Find Information About:

Drugs & Supplements

Get information and reviews on prescription drugs, over-the-counter medications, vitamins, and supplements. Search by name or medical condition.

Pill Identifier

Pill Identifier

Having trouble identifying your pills?

Enter the shape, color, or imprint of your prescription or OTC drug. Our pill identification tool will display pictures that you can compare to your pill.

Get Started
My Medicine

My Medicine

Save your medicine, check interactions, sign up for FDA alerts, create family profiles and more.

Get Started

WebMD Health Experts and Community

Talk to health experts and other people like you in WebMD's Communities. It's a safe forum where you can create or participate in support groups and discussions about health topics that interest you.

  • Second Opinion

    Second Opinion

    Read expert perspectives on popular health topics.

  • Community


    Connect with people like you, and get expert guidance on living a healthy life.

Got a health question? Get answers provided by leading organizations, doctors, and experts.

Get Answers

Sign up to receive WebMD's award-winning content delivered to your inbox.

Sign Up

Children's Health

Font Size

America's Kids: Good, Bad News

Report Shows Progress, Backsliding in Well-Being of U.S. Children
WebMD Health News
Reviewed by Louise Chang, MD

July 14, 2006 - There's a lot of news in the annual report on U.S. kids' well-being. Some is good. Some is bad.

The statistics come from the federal government's annual statistical report, America's Children in Brief: Key National Indicators of Well-Being 2006. Mandated by a presidential executive order, it's the work of 12 federal agencies.

"We see a mix of positive and negative trends," says Duane Alexander, MD, director of the National Institute of Child Health and Human Development.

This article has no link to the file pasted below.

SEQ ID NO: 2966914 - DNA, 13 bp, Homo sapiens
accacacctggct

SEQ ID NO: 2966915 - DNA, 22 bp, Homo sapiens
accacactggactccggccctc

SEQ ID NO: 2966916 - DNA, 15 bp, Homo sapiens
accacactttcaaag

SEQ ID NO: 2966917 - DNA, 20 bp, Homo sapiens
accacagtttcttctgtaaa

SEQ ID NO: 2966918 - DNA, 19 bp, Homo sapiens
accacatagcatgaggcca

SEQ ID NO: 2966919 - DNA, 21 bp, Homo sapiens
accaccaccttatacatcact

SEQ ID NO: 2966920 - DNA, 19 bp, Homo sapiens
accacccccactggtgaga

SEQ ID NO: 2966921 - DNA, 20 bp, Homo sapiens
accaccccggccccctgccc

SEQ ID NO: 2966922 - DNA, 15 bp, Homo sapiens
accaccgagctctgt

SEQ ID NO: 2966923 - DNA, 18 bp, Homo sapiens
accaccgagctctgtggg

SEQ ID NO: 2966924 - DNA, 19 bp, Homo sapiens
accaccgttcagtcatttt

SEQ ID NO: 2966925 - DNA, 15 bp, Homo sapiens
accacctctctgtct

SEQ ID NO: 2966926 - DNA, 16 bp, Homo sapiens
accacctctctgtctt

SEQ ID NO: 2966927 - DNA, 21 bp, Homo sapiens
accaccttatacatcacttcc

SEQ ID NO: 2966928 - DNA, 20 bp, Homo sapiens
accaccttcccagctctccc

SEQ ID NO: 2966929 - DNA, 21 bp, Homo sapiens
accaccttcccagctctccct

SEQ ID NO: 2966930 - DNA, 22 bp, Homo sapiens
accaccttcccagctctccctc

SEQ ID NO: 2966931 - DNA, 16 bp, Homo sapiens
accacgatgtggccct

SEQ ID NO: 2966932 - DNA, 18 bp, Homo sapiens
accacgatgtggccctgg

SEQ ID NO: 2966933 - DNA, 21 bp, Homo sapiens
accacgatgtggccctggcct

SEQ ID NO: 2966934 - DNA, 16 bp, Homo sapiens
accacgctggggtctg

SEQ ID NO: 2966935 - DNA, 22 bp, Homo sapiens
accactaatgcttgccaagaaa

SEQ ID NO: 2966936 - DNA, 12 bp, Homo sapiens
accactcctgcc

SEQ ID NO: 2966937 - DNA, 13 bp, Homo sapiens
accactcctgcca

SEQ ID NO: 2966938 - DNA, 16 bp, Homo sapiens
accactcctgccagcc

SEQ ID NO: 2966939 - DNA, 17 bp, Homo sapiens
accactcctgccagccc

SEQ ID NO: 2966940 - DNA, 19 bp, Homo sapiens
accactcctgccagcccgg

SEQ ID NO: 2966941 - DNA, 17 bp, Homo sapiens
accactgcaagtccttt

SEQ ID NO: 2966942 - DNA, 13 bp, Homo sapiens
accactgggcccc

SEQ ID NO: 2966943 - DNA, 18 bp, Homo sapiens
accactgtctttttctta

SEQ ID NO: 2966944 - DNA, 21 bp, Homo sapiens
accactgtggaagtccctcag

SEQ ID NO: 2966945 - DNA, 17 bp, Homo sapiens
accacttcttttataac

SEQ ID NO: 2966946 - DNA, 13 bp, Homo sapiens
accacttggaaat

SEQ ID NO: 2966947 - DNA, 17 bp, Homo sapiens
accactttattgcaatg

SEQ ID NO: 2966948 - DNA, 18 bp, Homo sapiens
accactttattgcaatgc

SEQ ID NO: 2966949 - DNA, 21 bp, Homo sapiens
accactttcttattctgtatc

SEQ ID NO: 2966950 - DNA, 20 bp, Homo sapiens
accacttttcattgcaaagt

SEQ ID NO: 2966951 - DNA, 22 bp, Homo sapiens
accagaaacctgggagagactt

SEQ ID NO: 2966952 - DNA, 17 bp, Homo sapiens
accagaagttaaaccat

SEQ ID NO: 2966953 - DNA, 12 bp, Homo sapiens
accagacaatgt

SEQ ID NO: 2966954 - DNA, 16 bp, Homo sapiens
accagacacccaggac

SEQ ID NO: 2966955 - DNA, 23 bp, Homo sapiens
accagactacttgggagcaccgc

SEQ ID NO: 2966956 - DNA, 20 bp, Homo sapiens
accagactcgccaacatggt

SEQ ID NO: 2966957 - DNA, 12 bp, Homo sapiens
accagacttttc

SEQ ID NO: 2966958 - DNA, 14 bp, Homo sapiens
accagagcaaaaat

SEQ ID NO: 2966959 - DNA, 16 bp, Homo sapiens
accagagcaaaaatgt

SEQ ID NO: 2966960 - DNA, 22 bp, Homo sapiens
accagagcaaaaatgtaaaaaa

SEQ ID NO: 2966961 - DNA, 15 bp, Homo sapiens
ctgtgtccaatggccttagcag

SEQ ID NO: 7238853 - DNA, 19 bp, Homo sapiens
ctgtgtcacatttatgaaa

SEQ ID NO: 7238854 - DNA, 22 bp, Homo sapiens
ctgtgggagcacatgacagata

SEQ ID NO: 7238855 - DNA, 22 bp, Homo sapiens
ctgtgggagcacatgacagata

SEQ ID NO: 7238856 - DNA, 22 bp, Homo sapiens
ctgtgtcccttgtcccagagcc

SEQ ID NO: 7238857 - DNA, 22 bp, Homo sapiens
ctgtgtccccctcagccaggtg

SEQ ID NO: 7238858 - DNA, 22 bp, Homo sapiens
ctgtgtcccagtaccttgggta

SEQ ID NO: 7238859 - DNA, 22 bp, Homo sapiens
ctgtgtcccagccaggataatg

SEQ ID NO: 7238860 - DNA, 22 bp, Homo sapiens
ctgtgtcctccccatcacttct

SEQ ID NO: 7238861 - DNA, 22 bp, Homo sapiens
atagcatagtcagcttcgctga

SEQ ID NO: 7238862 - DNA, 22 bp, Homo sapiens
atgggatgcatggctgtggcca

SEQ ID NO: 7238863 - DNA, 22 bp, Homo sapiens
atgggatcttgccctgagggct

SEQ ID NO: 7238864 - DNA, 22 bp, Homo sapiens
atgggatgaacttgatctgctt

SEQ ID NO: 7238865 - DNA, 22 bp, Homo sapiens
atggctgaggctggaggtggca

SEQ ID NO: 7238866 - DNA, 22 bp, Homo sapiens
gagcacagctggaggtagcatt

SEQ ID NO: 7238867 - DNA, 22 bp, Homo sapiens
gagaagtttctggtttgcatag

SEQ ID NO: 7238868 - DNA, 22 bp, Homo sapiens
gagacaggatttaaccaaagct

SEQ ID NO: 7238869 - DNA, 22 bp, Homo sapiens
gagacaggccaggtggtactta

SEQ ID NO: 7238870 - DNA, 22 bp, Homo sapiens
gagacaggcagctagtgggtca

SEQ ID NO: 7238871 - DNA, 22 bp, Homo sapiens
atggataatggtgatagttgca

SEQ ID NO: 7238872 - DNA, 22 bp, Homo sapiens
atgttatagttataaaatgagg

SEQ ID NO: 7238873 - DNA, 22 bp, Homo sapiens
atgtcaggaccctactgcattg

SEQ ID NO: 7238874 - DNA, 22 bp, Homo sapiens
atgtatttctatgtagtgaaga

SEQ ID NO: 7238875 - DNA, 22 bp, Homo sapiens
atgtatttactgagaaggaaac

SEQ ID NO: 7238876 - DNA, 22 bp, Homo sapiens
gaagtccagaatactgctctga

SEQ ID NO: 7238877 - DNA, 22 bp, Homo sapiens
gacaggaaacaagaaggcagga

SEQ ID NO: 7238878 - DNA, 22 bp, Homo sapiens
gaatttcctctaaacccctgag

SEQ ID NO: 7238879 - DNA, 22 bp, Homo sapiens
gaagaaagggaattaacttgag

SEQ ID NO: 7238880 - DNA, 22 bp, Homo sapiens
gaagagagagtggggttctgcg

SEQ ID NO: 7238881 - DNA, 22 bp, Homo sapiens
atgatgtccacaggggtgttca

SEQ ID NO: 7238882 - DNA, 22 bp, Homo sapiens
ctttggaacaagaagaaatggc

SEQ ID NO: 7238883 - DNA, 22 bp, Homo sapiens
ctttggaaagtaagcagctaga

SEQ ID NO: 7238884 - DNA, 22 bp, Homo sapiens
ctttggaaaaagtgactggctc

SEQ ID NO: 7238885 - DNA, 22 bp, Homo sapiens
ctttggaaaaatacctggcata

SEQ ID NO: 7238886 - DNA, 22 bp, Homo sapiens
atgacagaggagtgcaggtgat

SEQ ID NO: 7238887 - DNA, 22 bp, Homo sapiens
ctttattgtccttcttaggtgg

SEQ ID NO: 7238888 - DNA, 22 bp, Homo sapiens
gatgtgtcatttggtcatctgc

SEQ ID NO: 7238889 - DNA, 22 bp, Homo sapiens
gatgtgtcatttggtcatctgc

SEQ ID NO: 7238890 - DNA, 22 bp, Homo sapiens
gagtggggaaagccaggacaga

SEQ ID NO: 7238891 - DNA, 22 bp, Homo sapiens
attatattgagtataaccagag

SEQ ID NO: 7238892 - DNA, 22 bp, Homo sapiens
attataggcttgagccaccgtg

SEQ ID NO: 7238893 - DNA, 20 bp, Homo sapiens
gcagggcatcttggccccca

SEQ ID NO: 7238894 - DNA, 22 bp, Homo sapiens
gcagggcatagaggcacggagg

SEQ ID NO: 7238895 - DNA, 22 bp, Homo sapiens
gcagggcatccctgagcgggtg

For nearly every piece of good news, there seems to be some bad. Fortunately, much of the bad news is also tempered with good.

Some highlights and lowlights:

  • The birth rate for unmarried teens continues its decade-long downward trend. But more than half of births to women aged 20-24 are to unmarried women. In 2004, 36% of American children were born to unwed mothers.
  • Infant mortality dropped to 6.8 deaths per 1,000 children.
  • But the percentage of low-birth-weight babies -- 8.1% -- is the highest ever recorded. The low- birth-weight rate is 13.7% for blacks, which helps account for black Americans having about twice the child mortality rate of white Americans.
  • 89% of children aged 0-17 are covered by some form of health insurance.
  • But 17% of kids live in poverty. Moreover, 37% of America's children live in shelters, crowded quarters, or physically inadequate housing.
  • 82% of U.S. kids are in very good or excellent health, and 83% of children aged 19 to 35 months have had all their major vaccinations. But 18% of kids are overweight.
  • Cigarette smoking is down and fewer kids than ever are exposed to cigarette smoke in the home. But binge drinking remains steady at 11% of eighth-graders and 28% of twelfth-graders. Illicit drug use is unchanged at 9% of eighth-graders and 23% of twelfth-graders.
  • Fewer teens aged 12-17 were victims of violent crimes: down from 18 per 1,000 in 2003 to 11 per 1,000 in 2004. But the percentage of young people involved as offenders in violent crimes remained stable, at 14 per 1,000 youths.
  • Math scores got better for fourth- and eighth-graders, and reading scores got better for fourth-graders. But reading scores dropped for eighth- and twelfth-graders.

Today on WebMD

child with red rash on cheeks
What’s that rash?
plate of fruit and veggies
How healthy is your child’s diet?
smiling baby
Treating diarrhea, fever and more.
Middle school band practice
Understanding your child’s changing body.

worried kid
jennifer aniston
Measles virus
sick child

Child with adhd
rl with friends
Syringes and graph illustration